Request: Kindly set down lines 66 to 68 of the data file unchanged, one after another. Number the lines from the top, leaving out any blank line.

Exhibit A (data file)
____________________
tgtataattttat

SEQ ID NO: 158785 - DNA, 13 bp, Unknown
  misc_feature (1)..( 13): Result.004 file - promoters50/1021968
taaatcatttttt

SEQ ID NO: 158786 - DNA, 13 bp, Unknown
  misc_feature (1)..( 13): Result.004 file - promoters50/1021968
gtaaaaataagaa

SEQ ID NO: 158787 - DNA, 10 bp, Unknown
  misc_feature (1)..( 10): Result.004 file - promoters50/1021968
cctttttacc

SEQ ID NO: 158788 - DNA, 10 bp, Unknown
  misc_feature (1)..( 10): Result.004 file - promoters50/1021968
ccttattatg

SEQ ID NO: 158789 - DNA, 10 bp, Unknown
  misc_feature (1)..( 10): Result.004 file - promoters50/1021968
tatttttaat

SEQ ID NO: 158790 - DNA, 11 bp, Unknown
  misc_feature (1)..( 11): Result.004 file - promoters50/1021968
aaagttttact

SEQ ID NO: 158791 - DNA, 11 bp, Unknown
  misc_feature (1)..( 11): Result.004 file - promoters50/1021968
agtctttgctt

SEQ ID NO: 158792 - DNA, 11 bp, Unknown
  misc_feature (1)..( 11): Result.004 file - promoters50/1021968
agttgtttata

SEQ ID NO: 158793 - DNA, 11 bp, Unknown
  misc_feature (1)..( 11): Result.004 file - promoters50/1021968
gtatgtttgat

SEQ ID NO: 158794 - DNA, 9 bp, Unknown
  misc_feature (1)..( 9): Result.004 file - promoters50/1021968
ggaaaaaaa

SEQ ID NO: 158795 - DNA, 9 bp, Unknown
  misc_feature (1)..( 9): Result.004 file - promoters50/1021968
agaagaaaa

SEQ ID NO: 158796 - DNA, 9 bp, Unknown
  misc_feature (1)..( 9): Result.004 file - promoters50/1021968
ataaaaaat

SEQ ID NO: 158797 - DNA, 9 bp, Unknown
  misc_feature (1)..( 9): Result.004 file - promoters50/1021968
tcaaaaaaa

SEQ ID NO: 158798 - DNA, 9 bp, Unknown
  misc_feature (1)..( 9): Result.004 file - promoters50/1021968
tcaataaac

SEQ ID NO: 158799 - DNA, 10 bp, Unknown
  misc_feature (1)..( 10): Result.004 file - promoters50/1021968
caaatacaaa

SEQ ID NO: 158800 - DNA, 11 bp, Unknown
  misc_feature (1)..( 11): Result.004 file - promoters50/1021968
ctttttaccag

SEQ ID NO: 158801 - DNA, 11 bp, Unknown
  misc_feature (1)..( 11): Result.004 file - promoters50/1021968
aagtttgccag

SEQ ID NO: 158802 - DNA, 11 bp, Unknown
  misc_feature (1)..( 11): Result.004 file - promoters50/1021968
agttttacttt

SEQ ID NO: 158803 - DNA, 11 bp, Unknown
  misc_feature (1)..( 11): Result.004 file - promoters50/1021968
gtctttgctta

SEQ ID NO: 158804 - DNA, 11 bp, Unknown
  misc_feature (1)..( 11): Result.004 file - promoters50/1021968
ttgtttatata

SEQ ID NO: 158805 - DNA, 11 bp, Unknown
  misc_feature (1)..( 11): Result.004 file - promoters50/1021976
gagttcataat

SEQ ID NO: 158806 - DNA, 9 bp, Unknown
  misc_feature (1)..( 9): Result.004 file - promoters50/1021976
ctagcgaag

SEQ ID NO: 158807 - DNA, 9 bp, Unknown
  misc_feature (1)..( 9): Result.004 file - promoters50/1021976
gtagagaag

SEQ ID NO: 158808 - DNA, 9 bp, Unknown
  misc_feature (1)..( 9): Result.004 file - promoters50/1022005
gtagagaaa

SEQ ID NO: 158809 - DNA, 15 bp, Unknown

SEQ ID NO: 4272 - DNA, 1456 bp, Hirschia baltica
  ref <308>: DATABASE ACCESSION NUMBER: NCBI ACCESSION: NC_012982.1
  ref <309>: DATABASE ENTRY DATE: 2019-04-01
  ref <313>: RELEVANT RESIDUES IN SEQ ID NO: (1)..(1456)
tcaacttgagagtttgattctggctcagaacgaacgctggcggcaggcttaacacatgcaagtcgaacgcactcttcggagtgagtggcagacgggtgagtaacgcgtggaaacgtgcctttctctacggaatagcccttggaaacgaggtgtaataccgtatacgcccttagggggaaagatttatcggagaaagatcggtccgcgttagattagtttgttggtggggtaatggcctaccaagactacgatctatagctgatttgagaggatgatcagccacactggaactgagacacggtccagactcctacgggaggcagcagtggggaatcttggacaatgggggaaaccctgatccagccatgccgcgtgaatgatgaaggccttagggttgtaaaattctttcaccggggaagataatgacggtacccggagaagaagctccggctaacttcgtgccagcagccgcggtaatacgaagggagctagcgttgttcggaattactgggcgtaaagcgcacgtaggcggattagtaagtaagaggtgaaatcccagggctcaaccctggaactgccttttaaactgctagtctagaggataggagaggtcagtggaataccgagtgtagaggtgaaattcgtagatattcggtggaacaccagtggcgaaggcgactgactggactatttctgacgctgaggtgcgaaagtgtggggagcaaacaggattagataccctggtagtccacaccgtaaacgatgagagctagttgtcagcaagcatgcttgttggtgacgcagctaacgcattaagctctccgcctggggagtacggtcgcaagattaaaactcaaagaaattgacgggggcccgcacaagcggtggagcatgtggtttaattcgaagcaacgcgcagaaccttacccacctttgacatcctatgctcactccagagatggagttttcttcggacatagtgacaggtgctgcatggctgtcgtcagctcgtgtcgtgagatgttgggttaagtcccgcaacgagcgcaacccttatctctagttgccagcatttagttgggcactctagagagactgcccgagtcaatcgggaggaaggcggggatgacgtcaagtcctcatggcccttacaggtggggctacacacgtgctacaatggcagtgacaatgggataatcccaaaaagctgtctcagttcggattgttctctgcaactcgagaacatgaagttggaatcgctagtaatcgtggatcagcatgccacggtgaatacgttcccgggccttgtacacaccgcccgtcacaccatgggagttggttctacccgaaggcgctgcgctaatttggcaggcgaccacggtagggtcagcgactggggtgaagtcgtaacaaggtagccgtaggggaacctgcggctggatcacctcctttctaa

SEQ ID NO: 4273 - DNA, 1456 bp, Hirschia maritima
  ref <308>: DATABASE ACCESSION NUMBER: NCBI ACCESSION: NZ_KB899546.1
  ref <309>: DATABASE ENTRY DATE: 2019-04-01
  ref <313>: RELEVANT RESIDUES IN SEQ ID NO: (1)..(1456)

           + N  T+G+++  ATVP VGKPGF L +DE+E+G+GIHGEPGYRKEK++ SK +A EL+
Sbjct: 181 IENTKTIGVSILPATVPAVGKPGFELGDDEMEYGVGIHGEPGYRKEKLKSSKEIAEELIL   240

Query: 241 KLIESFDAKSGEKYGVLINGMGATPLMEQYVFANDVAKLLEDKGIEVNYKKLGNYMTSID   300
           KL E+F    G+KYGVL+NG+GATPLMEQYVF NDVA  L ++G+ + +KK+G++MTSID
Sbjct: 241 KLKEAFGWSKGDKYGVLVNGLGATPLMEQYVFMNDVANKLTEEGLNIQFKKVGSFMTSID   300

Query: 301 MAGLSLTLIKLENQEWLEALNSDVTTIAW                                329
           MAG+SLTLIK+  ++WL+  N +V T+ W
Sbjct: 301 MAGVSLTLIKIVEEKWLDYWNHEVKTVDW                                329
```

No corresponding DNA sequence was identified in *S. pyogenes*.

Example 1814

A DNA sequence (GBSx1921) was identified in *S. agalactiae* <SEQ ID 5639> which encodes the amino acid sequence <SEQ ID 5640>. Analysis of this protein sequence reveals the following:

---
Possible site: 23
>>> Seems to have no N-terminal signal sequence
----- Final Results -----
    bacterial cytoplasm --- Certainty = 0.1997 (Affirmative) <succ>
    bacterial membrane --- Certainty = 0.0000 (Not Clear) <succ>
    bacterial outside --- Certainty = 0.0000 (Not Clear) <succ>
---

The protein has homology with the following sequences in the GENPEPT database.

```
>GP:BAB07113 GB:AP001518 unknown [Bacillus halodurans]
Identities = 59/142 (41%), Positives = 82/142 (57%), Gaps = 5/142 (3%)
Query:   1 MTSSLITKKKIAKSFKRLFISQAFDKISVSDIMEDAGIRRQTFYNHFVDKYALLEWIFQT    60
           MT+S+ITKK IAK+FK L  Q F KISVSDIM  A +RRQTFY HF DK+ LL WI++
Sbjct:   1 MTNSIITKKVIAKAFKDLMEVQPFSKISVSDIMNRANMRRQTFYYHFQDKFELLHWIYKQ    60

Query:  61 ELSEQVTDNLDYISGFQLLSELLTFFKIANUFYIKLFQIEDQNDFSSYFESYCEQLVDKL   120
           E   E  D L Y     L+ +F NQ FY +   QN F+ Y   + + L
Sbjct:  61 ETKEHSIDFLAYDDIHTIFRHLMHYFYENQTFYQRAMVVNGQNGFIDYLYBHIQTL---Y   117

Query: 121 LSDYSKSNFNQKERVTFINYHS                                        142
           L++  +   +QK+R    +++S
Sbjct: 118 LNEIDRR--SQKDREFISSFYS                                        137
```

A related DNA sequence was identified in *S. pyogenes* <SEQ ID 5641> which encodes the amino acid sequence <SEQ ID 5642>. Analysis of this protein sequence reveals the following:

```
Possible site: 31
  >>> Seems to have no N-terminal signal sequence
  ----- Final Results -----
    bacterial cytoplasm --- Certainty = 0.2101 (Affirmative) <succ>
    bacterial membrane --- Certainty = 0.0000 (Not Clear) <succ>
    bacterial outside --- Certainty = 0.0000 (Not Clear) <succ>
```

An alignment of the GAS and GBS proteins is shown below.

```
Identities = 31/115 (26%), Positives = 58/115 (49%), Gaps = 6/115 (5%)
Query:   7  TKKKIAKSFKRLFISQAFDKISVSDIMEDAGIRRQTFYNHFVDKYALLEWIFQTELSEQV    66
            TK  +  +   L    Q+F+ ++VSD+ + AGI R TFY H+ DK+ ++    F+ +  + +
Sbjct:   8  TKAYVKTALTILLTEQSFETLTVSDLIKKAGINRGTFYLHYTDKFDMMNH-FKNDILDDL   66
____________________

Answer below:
  misc_feature (1)..( 9): Result.004 file - promoters50/1021976
ctagcgaag

SEQ ID NO: 158807 - DNA, 9 bp, Unknown